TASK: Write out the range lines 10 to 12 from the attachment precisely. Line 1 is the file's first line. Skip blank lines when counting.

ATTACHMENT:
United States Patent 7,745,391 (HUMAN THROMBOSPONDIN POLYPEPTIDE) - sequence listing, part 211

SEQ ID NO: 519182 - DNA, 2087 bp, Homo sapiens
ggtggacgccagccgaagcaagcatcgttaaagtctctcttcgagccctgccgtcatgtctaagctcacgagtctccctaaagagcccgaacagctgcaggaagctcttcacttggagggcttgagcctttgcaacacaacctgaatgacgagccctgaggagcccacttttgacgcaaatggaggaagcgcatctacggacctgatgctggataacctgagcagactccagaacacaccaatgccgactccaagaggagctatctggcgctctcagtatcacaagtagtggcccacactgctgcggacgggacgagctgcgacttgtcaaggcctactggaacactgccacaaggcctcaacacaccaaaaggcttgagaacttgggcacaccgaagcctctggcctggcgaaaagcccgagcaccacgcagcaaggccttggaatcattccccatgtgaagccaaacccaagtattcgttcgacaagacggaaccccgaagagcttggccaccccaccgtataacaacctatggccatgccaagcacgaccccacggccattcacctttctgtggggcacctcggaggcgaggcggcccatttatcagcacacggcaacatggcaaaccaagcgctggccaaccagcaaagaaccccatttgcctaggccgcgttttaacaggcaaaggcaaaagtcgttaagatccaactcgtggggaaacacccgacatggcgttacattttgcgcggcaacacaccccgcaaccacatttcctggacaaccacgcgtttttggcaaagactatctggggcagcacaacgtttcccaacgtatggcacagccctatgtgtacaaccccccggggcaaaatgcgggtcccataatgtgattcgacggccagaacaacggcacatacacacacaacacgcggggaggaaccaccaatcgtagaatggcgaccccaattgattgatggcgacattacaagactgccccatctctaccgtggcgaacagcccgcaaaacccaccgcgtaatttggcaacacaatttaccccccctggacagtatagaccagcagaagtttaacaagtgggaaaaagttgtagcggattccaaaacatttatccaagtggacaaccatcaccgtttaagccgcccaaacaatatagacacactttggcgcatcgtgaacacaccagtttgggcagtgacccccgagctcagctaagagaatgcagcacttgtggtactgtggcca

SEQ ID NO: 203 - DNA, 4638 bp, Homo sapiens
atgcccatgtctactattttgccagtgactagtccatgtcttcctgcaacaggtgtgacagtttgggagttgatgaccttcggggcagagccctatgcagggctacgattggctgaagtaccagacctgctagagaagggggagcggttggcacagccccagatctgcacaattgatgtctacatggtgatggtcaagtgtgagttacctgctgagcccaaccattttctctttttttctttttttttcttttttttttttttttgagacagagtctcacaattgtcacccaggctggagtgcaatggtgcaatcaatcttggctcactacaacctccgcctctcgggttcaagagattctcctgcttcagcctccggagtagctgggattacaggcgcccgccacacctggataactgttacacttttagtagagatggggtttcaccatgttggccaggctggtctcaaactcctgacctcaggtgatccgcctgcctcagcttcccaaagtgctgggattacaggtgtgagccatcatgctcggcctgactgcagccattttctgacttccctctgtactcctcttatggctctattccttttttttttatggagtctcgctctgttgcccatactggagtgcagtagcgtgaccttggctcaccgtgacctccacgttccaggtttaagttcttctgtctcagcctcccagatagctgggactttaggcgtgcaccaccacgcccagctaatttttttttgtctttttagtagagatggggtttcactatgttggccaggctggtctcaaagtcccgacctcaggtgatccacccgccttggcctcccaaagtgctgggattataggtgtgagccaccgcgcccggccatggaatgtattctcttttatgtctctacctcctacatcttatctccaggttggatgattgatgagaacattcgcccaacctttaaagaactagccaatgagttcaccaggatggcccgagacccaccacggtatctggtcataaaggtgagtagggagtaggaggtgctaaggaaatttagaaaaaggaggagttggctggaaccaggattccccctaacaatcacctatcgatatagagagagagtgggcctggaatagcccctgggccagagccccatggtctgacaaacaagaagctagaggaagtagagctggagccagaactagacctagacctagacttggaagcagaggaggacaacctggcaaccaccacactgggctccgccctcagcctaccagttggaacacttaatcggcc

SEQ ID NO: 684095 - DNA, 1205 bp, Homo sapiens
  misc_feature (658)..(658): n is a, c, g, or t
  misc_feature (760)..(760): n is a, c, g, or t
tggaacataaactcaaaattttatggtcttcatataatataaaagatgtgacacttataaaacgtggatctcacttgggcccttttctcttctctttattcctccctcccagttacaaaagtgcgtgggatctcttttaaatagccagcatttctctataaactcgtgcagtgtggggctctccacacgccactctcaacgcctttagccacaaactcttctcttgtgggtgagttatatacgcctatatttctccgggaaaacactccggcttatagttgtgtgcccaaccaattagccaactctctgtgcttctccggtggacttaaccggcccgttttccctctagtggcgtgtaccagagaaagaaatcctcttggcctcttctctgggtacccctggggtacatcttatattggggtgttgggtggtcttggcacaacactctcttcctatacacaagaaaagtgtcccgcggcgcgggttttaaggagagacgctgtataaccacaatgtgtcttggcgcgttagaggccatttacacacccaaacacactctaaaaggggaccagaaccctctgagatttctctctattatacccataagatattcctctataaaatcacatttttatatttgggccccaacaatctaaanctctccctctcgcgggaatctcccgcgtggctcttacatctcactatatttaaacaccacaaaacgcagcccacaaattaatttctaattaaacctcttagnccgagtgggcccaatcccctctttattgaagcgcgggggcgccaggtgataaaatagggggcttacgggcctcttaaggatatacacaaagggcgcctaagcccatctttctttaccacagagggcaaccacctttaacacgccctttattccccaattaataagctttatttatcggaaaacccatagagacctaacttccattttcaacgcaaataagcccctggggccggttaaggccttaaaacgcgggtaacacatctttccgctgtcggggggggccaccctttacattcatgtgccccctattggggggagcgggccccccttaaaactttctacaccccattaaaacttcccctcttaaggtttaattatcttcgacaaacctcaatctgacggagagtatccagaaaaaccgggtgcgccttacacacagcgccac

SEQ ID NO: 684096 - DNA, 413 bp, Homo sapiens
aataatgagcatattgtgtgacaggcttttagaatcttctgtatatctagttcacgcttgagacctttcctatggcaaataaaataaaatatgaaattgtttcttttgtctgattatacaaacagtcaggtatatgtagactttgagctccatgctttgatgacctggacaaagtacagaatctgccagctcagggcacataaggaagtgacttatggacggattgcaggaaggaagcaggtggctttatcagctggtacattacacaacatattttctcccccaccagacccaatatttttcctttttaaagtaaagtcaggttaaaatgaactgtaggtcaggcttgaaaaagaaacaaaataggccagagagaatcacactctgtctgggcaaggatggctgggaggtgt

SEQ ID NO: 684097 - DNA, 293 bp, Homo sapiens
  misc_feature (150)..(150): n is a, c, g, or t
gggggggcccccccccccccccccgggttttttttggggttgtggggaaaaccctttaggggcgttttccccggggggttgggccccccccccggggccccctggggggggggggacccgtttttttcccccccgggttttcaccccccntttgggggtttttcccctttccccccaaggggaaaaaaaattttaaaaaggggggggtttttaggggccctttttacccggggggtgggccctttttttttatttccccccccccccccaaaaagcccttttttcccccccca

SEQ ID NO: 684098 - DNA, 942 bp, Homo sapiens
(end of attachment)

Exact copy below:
SEQ ID NO: 684096 - DNA, 413 bp, Homo sapiens
aataatgagcatattgtgtgacaggcttttagaatcttctgtatatctagttcacgcttgagacctttcctatggcaaataaaataaaatatgaaattgtttcttttgtctgattatacaaacagtcaggtatatgtagactttgagctccatgctttgatgacctggacaaagtacagaatctgccagctcagggcacataaggaagtgacttatggacggattgcaggaaggaagcaggtggctttatcagctggtacattacacaacatattttctcccccaccagacccaatatttttcctttttaaagtaaagtcaggttaaaatgaactgtaggtcaggcttgaaaaagaaacaaaataggccagagagaatcacactctgtctgggcaaggatggctgggaggtgt

SEQ ID NO: 684097 - DNA, 293 bp, Homo sapiens